But beyond the simple mechanics of the hinges, the skeg itself is very difficult to build well. The skeg is one of those chicken and egg things. Skegs were originally molded as a part of the hull but fear that a damaged skeg could sink a boat led to some boats being built with a skeg built as a separate unit and glassed on. That didn’t last long. But the problem with the skeg molded as apart of the hull is that it is very hard to build. Remember you are trying to get a fully saturated glass resin matrix 3 or 4 feet down from the canoe body in a space too small for a man to stand in or other wise reach easily. I have helped out on a boat that had the lower pintle pull loose from the skeg. What we found was that the pintle casting was through-bolted through essentially dry glass with a small pond of resin at the bottom. There was a lot of dry glass and a lot of resin but no GFR to speak of.
The other problem is at the joint between the skeg and the hull. Typically, today the skin of the skeg turns sharply into the bottom of the counter. There is often a lot of layers of glass across the top of the skeg and the reinforcing around the rudder post, but even on some very well built boats there often isn’t any real structure to distribute the large moment at the top of the skeg. You would expect to see ring frames or floor timbers. Often there is only thick glass and that thick glass is flexing constantly. Fiberglass is very prone to fatigue and this is the perfect condition for fatigue, a stiff object pushing up and down perpendicular to the hull surface.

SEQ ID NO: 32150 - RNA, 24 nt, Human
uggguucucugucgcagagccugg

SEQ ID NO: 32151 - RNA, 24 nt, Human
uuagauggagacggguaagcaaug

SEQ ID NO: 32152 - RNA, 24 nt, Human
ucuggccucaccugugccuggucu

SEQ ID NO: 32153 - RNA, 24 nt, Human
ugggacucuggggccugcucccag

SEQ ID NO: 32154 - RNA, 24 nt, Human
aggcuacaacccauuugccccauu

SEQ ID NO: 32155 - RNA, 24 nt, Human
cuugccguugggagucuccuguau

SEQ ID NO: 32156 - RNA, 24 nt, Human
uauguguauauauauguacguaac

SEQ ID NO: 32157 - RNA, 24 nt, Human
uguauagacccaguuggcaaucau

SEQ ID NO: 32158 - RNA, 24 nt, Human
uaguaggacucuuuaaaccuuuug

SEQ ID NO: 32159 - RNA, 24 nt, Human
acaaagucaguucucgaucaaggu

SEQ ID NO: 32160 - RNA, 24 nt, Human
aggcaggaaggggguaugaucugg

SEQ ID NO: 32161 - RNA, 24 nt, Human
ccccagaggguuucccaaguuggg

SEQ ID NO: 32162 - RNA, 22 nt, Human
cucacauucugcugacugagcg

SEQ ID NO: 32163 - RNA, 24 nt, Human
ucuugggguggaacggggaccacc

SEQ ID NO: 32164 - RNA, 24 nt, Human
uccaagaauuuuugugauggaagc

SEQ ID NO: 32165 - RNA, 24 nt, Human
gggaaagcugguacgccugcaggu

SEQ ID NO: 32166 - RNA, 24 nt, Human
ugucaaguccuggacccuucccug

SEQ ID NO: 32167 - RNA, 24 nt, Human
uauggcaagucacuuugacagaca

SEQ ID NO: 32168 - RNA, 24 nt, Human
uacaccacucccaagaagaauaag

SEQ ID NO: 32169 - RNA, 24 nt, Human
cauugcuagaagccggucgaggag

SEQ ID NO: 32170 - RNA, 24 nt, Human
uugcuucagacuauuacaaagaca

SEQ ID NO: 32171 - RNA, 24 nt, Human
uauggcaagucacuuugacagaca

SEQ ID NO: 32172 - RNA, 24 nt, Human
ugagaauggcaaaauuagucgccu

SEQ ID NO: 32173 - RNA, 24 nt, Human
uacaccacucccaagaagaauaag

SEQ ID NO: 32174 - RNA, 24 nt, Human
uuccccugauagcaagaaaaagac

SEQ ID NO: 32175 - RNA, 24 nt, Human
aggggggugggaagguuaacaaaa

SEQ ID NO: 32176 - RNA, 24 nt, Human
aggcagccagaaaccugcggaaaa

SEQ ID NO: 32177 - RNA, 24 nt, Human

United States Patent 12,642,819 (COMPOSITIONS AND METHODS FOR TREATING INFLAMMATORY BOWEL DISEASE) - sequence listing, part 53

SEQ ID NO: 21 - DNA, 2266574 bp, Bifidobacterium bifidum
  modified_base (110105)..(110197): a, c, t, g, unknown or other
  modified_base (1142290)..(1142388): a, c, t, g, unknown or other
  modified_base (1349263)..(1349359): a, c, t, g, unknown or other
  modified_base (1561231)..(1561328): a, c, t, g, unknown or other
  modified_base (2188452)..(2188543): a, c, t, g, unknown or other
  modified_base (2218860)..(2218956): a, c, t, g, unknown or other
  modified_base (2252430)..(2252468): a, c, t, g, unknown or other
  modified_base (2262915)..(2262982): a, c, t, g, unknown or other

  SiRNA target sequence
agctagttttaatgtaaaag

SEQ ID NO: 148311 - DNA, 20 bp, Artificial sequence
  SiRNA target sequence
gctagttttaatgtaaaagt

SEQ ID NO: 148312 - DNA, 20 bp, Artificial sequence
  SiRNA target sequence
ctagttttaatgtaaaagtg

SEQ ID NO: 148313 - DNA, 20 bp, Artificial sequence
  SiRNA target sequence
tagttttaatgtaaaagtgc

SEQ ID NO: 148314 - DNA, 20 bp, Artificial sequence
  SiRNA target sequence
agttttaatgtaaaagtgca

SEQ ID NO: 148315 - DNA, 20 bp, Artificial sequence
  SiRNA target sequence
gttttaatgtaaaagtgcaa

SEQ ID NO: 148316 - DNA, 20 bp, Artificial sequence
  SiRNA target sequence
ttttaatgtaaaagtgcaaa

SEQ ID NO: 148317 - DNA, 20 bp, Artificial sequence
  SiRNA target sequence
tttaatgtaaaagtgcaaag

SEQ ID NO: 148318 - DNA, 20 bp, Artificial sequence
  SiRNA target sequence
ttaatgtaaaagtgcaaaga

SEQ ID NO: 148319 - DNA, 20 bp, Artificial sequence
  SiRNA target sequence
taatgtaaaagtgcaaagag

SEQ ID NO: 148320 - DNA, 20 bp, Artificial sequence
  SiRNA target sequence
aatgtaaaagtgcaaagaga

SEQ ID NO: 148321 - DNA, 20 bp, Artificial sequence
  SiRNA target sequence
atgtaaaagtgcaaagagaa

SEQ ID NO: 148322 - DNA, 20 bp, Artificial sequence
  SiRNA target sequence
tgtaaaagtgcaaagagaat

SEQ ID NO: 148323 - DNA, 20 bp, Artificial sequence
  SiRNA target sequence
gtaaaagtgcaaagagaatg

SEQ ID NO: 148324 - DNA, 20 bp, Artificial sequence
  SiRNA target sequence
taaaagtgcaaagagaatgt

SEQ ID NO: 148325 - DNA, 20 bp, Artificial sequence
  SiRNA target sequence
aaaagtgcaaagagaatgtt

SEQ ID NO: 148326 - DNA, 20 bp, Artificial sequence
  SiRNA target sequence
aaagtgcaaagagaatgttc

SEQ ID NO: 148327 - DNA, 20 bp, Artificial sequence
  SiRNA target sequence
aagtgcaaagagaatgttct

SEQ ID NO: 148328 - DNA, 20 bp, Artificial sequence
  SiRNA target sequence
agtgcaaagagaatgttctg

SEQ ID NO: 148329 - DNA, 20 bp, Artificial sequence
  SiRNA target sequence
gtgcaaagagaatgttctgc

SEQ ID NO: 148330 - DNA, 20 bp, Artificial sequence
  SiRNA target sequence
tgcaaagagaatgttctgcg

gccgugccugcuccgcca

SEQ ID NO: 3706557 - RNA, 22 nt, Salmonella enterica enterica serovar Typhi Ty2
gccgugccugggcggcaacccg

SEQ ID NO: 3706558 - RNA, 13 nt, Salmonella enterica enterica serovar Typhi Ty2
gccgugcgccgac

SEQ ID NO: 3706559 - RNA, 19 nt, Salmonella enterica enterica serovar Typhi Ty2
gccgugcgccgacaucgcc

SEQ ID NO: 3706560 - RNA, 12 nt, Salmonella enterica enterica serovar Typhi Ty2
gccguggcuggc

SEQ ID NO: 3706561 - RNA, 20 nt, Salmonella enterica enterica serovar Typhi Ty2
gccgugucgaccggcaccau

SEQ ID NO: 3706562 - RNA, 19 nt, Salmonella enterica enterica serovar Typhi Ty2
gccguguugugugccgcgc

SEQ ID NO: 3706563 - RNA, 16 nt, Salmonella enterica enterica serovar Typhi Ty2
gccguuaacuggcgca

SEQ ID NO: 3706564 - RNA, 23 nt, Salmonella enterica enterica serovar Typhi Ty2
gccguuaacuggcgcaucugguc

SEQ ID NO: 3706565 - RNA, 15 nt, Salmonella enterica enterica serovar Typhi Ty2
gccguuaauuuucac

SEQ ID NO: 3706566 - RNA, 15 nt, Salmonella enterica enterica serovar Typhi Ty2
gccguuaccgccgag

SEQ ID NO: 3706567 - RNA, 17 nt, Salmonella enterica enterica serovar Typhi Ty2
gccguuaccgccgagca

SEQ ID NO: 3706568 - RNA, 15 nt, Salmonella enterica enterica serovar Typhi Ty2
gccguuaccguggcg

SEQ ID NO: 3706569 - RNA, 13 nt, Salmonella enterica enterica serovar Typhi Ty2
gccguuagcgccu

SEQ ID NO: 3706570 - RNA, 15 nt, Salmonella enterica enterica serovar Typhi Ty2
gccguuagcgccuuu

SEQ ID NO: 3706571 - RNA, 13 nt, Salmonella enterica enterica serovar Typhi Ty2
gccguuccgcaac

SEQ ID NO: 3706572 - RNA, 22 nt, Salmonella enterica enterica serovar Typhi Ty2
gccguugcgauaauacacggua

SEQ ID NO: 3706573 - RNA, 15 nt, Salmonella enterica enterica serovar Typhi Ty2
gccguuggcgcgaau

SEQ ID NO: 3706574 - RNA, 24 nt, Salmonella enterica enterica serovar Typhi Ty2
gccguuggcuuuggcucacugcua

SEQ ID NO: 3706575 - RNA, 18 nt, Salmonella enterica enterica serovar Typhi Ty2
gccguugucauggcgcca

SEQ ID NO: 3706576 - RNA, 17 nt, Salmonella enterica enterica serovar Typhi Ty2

Does this make a Spade hung rudder any better? No, but it can be engineered better than many a skeg hung rudder is actually constructed. I personally like counterbalanced post hung rudders with their lighter steering loads and greater efficiency. I know the old canard about catching pot warps and the fear that they will bend or be damaged, but for the kind of onshore sailing that I do I like them better.
Lastly to better bearings and seals: Harken makes a great series of rudderpost bearings. They are designed for anything from a 30 or so footer on up to very bid boats. At least some of the Whitbread boats used the Harken bearings on their massively loaded post-hung spade rudders. The seal issue is one that relates more to the design of the steering system. If you insist on a wheel with the quadrant below decks or worse yet below the water line, then there isn’t must to help you. But if like me you prefer a tiller (I heard that groan) then it is easy to install a watertight tube between the deck and the top of the rudder post tube. On my Kirby I had a large diameter clear plastic hose inside the hose I had a couple snap ties which were enough to temporarily support the rudder if the rudder head connection failed.
By the way, who ever said that a post hung rudder was cheaper was mistaken. The torque and moment resisting rudder posts on a post hung rudder are far more expensive to build than a strut and its gudgeons and pindles.
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Curmudgeon at Large- and rhinestone in the rough, sailing my Farr 11.6 on the Chesapeake Bay
Last edited by Jeff_H; 11-30-2009 at 03:43 PM.